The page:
Ben Fogle talks Englishness, confusing titles and his plans to be Prime Minister to Kelvin Patterson #satire

Umbrellas, marmite and queues - Ben Fogle's astonishing insights into what makes The English

You have a book out – The English – how did that come about?

My agent rang and said: “Ben! I’ve been thinking – someone should write a book about ‘The English’ because nobody has done that since the spring – and – Christmas is coming and this is exactly what your demographic will want – and I said: “Wow! Yes! I’m English! I live in England! I know some English people and I actually speak English – so this is right up my street!”

I bet you met some interesting characters along the way.

I visited the Swanage branch of the BNP and they were saying to me – why is it so wrong to drunkenly wave the St. George’s flag while singing Nazi marching songs and demanding that all the Pakistanis leave – that’s not being ‘racist’ it’s being proud to be English! And I thought: “Gosh! They are absolutely right. You never hear North Koreans being rude about their land. Why can’t the English be proud of being English and a bit more jolly patriotic with it!”

What research did you do for the book?

I spent time looking at other people on a trip to a supermarket with my wife – until the security guards asked me to stop because there had been complaints. I worked out that English people don’t like others to stare into their shopping trolleys and built the whole book from there. I also noticed that “The English” buy marmite presumably because we like to eat it on toast. Oh and as a nation we are very polite! People say thank you and please and they like to form queues. Crazy to think we have gone through so much of our history without anyone noticing that. That was twenty pages so then I padded it out with some observations about Wimbledon and Labradors. People love labs!

Remain or Leave?

Leave. Defintely. We English are natural leavers and it will all be fine. Think about it. We leave our homes in the morning to go to work without WW3 breaking out! What’s the difference? So enough of “project fear” let’s deploy our stiff upper lips, brew a nice strong cup of English tea, pack an umbrella, just in case it rains and just jolly well get on with it.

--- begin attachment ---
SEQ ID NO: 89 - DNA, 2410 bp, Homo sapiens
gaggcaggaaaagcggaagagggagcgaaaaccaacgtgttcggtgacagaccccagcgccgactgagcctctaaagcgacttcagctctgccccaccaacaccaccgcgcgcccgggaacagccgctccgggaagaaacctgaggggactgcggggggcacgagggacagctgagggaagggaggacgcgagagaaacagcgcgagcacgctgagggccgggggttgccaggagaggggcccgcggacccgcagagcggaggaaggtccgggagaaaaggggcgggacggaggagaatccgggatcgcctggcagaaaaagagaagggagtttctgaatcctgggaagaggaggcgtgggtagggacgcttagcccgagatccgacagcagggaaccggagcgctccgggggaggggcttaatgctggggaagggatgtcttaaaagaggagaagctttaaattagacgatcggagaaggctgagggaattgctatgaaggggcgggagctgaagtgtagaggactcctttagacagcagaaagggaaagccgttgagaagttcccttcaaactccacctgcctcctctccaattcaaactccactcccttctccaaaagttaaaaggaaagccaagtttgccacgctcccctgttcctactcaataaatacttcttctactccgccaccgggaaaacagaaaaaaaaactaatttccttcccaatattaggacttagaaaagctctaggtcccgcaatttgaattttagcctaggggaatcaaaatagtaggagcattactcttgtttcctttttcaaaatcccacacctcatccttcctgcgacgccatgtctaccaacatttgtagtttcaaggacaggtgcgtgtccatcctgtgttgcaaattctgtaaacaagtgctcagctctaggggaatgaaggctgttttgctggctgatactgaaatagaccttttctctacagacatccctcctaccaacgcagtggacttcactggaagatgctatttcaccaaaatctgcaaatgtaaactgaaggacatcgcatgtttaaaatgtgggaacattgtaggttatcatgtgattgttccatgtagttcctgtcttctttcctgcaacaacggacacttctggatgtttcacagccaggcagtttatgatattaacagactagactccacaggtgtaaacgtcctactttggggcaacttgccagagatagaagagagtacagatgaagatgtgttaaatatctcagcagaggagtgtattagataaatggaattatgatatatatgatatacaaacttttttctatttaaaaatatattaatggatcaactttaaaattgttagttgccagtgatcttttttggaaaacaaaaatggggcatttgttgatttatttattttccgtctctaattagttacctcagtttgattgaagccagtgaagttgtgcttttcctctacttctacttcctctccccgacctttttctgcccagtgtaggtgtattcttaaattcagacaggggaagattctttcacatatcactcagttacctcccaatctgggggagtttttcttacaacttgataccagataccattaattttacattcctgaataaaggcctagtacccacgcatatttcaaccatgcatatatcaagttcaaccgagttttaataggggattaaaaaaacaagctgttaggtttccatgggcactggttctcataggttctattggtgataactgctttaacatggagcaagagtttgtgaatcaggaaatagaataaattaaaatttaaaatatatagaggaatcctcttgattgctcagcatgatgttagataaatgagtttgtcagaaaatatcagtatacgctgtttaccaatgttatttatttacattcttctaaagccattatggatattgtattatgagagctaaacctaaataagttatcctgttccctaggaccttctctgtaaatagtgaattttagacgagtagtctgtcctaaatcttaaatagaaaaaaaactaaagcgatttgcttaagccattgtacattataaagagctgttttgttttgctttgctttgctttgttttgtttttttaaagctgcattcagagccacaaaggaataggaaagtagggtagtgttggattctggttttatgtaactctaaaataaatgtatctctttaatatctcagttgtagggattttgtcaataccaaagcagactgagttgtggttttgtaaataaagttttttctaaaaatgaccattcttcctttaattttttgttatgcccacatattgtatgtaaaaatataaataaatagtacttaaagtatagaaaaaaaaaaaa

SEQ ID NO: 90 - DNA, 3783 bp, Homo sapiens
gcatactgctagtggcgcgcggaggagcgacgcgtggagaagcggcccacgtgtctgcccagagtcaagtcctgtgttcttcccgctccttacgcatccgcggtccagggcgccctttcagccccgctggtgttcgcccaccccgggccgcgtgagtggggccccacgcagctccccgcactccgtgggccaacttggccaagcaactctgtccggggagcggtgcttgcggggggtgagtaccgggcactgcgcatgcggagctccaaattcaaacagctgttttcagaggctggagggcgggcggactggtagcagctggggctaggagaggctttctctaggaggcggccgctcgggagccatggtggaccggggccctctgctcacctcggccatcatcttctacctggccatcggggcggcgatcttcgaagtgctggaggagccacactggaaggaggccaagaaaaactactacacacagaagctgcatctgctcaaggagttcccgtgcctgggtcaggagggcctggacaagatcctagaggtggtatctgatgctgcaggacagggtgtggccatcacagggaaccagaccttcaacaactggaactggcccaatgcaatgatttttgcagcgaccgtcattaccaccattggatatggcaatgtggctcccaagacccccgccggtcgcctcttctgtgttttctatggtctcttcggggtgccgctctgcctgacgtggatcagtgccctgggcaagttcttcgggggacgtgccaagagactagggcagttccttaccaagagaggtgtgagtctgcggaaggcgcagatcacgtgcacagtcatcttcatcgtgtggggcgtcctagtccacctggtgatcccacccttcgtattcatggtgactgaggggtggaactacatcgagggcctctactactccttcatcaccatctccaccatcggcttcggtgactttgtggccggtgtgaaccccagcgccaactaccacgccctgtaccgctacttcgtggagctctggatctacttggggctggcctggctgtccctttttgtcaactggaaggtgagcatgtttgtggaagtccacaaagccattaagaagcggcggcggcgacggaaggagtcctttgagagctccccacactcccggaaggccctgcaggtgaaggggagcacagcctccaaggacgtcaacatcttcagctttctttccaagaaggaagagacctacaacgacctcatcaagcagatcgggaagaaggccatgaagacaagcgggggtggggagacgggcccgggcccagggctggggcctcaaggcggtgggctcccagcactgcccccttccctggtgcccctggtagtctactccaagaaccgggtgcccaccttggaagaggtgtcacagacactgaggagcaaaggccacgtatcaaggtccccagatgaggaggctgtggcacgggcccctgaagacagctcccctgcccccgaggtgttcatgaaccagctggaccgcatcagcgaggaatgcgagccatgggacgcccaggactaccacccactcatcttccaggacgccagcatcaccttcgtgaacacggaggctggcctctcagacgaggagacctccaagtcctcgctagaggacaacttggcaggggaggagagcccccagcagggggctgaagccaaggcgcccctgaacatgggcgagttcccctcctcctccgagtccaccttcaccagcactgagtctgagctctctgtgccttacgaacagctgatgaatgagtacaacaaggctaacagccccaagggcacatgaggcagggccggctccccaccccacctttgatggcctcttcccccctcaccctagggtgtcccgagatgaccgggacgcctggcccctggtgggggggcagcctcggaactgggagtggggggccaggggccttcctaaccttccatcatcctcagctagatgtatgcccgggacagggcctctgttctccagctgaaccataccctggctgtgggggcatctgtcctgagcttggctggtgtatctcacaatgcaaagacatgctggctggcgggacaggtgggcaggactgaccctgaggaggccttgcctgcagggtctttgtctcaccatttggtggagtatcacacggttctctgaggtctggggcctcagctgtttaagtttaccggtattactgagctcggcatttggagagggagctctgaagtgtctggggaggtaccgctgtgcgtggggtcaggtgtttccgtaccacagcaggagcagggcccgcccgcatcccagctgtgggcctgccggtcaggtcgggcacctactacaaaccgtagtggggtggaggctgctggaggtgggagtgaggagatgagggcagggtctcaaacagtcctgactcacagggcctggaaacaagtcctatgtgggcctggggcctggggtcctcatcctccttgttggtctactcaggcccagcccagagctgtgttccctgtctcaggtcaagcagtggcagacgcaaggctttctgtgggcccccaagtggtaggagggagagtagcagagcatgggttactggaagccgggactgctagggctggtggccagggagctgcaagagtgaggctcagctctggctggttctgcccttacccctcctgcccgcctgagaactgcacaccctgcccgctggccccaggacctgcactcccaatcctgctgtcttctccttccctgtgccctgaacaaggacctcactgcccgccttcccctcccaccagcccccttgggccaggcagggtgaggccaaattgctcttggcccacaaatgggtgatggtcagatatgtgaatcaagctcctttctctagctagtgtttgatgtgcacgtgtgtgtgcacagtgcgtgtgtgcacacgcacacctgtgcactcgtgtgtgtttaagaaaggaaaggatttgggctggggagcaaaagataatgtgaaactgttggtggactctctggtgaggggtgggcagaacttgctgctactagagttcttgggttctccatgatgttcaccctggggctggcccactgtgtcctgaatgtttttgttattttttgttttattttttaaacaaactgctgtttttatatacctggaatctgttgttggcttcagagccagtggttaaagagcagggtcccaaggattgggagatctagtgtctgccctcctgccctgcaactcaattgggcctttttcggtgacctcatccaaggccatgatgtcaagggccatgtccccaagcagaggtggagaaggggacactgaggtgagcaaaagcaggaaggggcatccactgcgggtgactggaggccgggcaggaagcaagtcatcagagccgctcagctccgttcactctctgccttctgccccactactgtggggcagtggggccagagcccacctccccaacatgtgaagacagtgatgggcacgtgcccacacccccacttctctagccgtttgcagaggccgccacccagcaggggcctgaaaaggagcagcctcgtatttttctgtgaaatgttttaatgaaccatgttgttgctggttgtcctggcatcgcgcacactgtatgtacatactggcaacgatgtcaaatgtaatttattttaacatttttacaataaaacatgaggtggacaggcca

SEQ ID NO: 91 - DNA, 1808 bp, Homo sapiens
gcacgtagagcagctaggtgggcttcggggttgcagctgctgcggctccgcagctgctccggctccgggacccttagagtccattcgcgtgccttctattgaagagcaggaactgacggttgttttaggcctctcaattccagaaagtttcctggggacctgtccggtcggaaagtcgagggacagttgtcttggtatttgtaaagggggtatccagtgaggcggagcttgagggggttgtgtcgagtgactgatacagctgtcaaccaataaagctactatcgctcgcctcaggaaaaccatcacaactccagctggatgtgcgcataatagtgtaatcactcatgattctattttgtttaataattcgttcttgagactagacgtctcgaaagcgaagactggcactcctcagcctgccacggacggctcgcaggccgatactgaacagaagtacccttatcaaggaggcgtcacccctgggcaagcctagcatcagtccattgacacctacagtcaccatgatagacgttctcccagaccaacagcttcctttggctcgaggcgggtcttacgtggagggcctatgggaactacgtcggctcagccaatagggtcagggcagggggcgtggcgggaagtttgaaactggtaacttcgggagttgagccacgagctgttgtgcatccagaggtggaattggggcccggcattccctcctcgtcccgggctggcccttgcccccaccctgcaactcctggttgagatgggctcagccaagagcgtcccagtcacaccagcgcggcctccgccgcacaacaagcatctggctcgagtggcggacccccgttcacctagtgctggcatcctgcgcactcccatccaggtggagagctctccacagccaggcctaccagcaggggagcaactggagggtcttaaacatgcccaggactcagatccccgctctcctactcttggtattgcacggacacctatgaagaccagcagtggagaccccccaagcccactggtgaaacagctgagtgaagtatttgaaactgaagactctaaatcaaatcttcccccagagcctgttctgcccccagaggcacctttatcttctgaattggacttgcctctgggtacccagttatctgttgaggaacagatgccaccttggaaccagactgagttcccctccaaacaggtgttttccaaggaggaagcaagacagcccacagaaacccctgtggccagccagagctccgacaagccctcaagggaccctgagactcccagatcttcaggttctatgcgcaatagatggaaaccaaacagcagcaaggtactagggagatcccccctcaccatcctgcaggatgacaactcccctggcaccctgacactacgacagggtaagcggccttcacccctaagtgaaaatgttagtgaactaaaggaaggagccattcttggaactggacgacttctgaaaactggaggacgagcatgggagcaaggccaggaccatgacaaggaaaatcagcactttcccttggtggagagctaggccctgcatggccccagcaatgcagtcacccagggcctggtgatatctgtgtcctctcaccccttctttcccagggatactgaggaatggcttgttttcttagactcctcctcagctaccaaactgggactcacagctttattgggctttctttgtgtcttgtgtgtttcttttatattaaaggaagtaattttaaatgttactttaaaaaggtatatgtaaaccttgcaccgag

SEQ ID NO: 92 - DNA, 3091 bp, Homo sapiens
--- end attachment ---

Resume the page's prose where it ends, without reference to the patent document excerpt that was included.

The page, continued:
You have a new series out

Yes it’s called “New Lives in the Wild” – when I first saw that title I asked my agent: “Who is New? Is he or she famous? I’ve never heard of them.” She explained that  we had already done a series called “Lives in the Wild” so this was a ‘new’ one. Confusing!

What’s it about?

Research shows that “English” people – yes them again – don’t want to watch “indigenous” people in jungles or learn anything about how they might be living on TV – no – they want to watch “white people” who speak English and have a lot of money trying to build nice homes in exotic places instead.

What was your favourite destination?

We went to Guatemala to meet this guy “Dave” who was building a luxury resort.  Every day was a fight for survival for him. He lived almost three miles from the nearest hypermarket, his internet connection was ghastly and he struggled to make ice with his existing fridge. There’s a lovely moment in the film where I get to advise an old woman on how best to carry a new freezer on her back up the hill to his lodge. In Spanish! I actually speak Spanish!  It’s great to feel you made a difference to people’s lives.

And a tribe in Papua New Guinea wanted to make you their God?

I met the Puedam people who had never met white people before and they were all nudging each other and winking and laughing – which I was told is their tribal way of showing fear. After I’d reassured them and read them some of my book they said “Ben please teach us how to be more like you Ben. Teach us to be English gentlemen Ben!” And then did the nudge and winking thing again. Odd thinking about it now that they could all speak such good English – presumably they’d learned it from another tribe.

Any plans for the future?

Once the next Channel 5 series is over, I’d like to be Prime Minister. I’ve done a marathon. I’ve met a lot of people. I’ve been on TV. I think running the country is no different to doing those things – just with a few more sums.

Ben Fogle – thank you.

 

KJP